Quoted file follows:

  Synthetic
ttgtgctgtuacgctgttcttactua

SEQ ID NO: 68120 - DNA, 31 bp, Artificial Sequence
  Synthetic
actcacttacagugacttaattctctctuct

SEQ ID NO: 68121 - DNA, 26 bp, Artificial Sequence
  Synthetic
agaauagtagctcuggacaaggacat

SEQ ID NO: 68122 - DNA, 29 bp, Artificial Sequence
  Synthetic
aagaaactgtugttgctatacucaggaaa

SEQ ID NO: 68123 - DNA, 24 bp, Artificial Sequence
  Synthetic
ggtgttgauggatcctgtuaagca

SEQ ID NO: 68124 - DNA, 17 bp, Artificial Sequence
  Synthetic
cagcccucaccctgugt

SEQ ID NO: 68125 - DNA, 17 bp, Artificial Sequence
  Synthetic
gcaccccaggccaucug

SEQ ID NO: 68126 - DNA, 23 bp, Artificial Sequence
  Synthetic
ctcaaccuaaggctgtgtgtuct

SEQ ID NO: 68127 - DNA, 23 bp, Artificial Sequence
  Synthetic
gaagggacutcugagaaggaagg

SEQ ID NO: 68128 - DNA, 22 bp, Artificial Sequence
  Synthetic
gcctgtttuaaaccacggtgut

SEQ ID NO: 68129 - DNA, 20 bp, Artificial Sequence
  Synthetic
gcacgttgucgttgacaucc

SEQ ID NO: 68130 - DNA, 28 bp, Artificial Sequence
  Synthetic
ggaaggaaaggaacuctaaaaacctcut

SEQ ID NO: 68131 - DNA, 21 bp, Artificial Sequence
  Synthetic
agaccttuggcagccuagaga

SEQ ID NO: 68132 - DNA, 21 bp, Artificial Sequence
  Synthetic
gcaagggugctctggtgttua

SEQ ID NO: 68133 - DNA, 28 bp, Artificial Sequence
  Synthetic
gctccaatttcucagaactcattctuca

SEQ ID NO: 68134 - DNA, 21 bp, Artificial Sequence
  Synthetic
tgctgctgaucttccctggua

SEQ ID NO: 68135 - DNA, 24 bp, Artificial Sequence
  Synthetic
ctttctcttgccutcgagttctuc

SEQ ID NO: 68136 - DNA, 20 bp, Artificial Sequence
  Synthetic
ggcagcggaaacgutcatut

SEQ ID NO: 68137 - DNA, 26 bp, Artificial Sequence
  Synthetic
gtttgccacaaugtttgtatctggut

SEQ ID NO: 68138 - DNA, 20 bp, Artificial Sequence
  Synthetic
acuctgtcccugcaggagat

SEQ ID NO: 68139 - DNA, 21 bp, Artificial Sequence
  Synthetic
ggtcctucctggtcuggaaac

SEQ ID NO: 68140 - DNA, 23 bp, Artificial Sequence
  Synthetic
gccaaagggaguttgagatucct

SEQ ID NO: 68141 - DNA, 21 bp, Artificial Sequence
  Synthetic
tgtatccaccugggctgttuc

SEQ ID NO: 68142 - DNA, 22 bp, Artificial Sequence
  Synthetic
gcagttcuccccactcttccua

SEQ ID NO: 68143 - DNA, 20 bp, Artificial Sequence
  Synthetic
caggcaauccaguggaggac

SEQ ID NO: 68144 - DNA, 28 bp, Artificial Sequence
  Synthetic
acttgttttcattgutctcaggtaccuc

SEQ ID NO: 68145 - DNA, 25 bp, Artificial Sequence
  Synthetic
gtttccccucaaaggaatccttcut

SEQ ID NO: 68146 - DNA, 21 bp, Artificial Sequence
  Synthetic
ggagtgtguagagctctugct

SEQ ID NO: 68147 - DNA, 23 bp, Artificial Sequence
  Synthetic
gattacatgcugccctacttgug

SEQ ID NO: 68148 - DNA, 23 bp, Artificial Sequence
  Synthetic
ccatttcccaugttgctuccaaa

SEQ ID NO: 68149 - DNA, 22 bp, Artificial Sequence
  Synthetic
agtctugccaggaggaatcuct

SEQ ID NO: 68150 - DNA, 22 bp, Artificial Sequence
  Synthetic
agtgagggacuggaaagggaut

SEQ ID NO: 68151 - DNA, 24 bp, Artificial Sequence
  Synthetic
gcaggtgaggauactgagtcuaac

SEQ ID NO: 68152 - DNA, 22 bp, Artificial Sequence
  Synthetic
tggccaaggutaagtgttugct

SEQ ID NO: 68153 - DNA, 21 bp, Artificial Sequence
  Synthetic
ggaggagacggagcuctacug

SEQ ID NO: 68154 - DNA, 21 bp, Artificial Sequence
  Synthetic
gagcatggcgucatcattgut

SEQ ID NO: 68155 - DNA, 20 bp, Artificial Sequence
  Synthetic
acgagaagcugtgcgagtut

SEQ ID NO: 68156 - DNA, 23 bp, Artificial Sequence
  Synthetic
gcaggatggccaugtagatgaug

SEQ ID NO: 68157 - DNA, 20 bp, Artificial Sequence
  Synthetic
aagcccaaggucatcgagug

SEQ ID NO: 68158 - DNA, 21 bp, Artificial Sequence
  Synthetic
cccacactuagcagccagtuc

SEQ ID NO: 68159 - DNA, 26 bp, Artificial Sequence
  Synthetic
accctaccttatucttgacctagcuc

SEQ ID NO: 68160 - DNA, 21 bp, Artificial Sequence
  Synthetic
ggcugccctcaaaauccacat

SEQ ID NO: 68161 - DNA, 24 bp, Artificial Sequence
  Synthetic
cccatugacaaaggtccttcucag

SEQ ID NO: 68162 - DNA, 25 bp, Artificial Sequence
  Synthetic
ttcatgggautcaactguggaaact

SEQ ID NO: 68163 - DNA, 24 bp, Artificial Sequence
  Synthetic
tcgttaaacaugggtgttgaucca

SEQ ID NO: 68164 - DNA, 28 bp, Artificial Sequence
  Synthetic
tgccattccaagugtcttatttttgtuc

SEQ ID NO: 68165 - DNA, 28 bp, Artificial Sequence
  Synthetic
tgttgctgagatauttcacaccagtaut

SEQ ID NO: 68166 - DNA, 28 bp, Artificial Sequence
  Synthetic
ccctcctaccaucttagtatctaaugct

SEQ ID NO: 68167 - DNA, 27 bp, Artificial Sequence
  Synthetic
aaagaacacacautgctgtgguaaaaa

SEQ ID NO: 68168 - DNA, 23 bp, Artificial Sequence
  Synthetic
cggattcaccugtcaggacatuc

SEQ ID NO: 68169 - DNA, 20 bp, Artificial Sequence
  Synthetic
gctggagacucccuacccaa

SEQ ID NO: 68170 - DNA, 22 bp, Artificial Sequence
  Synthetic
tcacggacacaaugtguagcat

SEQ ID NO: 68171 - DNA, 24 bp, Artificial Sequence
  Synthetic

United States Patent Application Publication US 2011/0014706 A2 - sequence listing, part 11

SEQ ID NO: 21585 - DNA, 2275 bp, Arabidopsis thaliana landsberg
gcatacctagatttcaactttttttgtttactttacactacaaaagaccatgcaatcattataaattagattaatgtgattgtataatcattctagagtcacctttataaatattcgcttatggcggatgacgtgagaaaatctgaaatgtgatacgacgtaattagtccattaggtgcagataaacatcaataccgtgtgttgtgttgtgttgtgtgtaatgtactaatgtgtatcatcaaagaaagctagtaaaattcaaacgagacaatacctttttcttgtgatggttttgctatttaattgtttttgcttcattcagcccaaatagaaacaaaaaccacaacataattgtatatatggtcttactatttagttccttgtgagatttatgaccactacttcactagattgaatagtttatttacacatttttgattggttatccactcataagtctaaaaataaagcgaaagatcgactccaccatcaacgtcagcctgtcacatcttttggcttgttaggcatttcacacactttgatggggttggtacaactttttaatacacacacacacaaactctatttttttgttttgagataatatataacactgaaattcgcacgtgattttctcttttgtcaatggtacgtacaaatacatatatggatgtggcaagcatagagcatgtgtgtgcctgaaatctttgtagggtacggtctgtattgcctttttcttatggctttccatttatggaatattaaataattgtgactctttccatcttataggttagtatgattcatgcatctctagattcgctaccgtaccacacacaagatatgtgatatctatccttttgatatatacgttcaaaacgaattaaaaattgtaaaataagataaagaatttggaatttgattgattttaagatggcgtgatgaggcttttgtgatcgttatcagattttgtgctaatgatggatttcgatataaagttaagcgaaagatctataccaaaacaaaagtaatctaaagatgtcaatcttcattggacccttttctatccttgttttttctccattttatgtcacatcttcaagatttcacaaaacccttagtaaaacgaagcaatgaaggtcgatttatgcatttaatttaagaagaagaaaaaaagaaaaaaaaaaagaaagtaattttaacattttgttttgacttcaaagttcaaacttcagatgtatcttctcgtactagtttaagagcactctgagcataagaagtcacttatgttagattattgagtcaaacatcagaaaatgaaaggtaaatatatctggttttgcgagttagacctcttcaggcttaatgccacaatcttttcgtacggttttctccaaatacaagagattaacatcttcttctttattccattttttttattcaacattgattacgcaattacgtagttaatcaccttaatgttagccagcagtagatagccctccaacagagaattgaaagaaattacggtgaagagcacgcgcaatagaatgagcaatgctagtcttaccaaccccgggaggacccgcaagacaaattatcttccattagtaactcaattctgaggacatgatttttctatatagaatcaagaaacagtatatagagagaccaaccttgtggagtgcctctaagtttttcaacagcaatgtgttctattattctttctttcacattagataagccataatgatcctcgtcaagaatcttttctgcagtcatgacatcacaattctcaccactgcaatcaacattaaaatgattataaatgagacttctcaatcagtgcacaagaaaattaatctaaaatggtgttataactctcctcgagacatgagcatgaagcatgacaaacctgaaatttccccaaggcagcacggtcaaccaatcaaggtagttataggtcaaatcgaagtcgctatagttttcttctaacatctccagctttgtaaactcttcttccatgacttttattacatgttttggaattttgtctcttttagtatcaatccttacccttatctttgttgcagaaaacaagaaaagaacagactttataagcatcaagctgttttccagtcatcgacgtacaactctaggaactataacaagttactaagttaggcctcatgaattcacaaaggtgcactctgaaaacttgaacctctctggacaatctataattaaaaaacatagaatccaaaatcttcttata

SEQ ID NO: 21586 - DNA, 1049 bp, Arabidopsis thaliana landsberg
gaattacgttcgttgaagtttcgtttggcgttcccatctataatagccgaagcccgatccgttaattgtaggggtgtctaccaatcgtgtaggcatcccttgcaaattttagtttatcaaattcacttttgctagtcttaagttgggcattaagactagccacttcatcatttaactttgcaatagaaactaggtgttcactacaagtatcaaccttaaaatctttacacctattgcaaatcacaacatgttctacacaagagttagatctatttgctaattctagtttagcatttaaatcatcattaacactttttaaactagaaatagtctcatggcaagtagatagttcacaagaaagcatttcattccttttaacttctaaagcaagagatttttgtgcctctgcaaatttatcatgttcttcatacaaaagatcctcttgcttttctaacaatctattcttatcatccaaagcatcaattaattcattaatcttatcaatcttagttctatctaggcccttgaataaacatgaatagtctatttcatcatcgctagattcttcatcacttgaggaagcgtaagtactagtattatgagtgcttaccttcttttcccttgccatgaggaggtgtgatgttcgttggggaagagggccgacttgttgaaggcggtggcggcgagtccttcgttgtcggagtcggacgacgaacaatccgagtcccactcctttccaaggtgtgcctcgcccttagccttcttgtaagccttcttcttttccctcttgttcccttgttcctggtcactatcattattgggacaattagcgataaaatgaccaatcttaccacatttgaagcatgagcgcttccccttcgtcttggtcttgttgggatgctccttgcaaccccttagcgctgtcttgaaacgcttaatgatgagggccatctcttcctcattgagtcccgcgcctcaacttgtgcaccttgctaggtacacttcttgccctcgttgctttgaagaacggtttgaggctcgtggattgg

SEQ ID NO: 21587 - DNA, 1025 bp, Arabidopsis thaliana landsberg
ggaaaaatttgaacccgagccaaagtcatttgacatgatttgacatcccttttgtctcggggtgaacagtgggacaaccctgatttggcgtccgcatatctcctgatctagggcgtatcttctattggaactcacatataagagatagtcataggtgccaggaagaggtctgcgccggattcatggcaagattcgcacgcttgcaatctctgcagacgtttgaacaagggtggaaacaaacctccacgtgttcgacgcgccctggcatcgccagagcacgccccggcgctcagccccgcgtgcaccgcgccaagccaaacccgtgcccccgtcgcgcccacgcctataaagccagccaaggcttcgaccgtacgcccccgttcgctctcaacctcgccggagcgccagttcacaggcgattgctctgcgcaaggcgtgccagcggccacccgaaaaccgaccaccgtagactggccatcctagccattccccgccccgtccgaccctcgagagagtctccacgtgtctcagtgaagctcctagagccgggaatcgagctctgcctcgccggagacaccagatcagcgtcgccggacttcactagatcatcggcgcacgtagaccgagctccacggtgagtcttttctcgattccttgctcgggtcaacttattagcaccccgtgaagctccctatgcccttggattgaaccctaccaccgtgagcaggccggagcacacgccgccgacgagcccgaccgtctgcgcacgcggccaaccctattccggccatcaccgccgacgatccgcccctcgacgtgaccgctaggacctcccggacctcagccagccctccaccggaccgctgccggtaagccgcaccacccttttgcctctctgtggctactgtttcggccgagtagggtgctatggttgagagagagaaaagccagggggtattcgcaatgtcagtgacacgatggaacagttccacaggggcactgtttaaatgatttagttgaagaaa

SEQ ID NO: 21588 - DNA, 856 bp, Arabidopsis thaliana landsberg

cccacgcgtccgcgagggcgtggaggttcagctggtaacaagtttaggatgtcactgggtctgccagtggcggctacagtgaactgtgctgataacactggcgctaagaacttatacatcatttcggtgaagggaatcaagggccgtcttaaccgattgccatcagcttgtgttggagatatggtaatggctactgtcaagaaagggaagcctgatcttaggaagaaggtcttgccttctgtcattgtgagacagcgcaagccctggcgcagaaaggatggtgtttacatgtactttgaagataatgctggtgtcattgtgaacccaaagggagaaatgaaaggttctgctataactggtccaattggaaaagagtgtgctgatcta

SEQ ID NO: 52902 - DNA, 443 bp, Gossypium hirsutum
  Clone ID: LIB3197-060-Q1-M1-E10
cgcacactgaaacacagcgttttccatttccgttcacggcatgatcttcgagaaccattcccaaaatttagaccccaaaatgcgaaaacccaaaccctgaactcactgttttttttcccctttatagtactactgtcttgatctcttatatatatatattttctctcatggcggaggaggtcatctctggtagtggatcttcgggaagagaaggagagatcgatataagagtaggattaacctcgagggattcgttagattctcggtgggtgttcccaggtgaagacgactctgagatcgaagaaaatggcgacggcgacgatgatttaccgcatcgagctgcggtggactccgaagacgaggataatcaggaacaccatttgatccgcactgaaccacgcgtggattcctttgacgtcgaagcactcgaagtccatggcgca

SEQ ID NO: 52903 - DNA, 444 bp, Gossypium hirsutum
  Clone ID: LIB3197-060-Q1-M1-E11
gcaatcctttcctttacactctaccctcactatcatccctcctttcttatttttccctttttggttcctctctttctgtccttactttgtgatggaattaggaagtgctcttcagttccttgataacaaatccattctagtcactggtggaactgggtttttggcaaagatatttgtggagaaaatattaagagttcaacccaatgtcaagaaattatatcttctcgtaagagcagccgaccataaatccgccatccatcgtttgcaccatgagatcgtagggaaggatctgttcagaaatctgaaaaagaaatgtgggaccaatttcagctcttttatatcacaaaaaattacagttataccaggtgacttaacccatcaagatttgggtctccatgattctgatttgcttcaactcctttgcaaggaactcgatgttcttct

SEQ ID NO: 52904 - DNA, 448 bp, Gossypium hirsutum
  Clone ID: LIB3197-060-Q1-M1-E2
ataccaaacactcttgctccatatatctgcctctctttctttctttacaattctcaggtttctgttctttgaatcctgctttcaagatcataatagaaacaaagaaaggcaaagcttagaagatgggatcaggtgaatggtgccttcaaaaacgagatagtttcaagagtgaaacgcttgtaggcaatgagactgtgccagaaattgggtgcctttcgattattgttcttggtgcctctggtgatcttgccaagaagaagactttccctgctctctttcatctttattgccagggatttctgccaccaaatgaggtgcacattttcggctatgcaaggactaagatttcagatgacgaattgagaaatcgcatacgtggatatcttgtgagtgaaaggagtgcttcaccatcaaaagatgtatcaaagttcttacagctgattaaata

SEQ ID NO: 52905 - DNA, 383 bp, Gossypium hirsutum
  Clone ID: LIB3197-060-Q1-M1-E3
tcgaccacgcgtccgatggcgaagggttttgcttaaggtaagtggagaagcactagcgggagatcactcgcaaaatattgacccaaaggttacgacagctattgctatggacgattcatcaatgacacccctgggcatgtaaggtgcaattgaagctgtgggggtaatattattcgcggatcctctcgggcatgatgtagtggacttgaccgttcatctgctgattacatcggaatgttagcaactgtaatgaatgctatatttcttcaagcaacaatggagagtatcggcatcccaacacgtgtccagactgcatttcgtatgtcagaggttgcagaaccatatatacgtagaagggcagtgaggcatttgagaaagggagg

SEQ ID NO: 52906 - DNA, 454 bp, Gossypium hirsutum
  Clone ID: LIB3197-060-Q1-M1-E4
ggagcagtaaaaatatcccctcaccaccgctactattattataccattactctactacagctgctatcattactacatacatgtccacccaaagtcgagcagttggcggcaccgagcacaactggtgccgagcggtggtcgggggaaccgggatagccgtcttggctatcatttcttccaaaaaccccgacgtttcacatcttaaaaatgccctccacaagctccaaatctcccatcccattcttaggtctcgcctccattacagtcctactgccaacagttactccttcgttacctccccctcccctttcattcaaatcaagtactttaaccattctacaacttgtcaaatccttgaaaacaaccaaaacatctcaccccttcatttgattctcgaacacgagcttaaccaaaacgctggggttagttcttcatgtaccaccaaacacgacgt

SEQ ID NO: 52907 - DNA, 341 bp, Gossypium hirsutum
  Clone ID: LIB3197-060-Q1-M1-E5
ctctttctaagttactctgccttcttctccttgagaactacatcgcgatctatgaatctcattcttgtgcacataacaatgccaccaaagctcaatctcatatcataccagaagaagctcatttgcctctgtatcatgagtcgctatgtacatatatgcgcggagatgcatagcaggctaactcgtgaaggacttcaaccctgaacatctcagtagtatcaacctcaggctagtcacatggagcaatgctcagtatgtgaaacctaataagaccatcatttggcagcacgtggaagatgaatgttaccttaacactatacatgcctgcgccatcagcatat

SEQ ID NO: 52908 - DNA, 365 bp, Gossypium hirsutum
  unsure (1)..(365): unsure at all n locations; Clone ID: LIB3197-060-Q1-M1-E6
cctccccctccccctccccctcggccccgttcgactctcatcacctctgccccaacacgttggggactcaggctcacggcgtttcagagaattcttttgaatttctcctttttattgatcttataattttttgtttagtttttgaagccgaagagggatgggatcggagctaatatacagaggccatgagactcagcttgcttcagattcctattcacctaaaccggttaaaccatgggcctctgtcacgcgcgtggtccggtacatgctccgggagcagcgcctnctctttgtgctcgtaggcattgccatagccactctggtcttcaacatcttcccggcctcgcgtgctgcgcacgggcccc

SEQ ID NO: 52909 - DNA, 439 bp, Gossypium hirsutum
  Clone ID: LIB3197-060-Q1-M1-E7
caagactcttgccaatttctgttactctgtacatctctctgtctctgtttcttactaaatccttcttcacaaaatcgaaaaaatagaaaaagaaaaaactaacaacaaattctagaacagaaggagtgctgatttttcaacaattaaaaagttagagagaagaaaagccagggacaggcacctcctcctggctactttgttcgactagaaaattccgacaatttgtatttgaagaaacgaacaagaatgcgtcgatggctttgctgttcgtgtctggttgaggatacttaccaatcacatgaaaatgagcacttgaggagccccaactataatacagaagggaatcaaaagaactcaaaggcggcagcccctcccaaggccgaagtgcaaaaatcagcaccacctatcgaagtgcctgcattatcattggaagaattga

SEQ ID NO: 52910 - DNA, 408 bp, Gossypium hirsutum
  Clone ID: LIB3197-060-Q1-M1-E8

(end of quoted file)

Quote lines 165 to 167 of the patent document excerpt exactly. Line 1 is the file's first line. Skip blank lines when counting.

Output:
SEQ ID NO: 21588 - DNA, 856 bp, Arabidopsis thaliana landsberg

cccacgcgtccgcgagggcgtggaggttcagctggtaacaagtttaggatgtcactgggtctgccagtggcggctacagtgaactgtgctgataacactggcgctaagaacttatacatcatttcggtgaagggaatcaagggccgtcttaaccgattgccatcagcttgtgttggagatatggtaatggctactgtcaagaaagggaagcctgatcttaggaagaaggtcttgccttctgtcattgtgagacagcgcaagccctggcgcagaaaggatggtgtttacatgtactttgaagataatgctggtgtcattgtgaacccaaagggagaaatgaaaggttctgctataactggtccaattggaaaagagtgtgctgatcta

SEQ ID NO: 52902 - DNA, 443 bp, Gossypium hirsutum